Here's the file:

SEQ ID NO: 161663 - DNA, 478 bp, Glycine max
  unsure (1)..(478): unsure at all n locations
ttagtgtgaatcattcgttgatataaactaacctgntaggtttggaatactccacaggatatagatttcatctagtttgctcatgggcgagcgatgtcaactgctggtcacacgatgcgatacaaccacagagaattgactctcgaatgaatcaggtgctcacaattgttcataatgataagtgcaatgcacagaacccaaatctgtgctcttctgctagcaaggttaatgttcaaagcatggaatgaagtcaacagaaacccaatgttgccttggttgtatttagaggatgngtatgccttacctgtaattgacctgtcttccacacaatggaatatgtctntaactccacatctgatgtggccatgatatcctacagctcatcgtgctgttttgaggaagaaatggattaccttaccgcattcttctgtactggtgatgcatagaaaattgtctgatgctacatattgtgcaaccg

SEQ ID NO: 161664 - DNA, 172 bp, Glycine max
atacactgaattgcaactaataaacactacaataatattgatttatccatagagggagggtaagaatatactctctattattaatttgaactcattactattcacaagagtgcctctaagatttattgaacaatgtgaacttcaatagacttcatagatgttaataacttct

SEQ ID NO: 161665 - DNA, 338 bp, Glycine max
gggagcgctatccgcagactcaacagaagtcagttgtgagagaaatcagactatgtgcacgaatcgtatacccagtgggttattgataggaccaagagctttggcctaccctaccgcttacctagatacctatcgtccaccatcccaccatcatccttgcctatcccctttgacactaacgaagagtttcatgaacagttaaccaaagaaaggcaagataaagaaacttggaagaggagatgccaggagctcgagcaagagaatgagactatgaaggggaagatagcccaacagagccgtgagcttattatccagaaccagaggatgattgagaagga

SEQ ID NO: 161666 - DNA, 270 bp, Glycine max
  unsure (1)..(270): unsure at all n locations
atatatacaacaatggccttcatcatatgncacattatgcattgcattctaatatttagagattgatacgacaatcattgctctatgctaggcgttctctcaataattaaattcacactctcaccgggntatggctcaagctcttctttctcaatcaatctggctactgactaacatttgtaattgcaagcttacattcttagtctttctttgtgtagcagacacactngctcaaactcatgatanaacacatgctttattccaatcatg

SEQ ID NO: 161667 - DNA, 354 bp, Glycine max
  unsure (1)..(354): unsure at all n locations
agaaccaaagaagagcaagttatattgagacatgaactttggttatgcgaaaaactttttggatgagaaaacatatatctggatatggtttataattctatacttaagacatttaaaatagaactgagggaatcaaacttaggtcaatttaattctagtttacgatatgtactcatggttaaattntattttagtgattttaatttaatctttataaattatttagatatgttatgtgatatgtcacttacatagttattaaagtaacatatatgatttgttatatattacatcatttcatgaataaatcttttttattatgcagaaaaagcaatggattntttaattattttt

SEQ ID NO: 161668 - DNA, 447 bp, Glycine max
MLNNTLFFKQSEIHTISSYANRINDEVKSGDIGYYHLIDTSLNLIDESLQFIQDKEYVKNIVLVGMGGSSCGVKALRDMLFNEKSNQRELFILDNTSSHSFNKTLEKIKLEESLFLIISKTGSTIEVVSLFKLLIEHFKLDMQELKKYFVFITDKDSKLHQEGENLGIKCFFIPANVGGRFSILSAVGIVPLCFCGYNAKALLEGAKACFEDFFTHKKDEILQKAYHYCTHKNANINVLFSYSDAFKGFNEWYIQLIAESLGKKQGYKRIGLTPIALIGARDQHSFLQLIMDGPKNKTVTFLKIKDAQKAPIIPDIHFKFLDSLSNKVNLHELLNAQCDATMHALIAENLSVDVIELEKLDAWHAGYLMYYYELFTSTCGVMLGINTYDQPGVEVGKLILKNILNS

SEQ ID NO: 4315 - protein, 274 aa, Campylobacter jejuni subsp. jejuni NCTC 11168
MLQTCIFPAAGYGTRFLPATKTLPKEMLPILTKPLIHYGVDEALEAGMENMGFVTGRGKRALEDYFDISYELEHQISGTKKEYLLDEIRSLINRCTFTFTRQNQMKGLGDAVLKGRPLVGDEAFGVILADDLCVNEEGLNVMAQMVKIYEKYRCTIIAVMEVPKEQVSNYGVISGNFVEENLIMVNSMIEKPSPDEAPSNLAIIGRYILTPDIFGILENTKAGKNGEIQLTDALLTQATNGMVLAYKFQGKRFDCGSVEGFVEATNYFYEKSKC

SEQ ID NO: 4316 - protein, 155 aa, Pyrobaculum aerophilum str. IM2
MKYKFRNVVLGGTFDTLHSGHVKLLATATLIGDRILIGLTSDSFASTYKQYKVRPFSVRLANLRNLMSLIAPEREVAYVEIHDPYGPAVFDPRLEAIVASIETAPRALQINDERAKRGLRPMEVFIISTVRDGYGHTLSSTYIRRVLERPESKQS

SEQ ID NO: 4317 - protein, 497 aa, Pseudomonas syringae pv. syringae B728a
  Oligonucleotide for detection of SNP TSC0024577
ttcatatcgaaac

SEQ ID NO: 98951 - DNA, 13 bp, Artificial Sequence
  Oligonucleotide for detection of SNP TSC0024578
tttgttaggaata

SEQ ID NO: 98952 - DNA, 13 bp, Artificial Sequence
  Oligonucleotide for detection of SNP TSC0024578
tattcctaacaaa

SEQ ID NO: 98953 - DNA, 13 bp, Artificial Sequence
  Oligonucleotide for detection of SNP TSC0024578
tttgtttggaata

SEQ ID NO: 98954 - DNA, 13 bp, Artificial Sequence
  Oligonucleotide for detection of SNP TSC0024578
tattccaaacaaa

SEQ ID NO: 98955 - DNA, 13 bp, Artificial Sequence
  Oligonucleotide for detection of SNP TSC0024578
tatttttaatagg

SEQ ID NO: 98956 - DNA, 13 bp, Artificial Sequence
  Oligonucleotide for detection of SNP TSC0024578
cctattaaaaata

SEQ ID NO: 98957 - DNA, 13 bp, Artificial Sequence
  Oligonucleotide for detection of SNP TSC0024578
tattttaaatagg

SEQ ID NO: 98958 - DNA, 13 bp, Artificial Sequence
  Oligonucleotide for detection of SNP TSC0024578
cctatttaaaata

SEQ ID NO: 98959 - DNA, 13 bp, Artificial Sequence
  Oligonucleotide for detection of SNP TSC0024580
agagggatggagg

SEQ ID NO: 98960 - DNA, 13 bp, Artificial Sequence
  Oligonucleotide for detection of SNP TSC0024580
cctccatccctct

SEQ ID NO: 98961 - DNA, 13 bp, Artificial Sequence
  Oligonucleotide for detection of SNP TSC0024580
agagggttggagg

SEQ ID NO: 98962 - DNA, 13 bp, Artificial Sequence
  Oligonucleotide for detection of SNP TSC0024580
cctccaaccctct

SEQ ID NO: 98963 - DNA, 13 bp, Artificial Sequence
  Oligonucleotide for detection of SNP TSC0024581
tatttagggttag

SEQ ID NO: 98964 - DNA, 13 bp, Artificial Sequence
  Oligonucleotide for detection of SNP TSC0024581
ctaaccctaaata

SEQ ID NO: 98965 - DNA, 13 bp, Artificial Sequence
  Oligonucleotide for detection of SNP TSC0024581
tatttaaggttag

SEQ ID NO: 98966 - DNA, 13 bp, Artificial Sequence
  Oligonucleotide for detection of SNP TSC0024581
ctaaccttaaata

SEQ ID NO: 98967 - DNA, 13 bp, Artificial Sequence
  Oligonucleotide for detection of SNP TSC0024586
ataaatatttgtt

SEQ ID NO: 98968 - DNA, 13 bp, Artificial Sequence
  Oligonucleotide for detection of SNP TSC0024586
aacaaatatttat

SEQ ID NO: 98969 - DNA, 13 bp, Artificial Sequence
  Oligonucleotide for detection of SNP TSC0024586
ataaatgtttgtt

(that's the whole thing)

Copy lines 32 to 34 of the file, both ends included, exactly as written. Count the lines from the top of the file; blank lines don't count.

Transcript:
SEQ ID NO: 98954 - DNA, 13 bp, Artificial Sequence
  Oligonucleotide for detection of SNP TSC0024578
tattccaaacaaa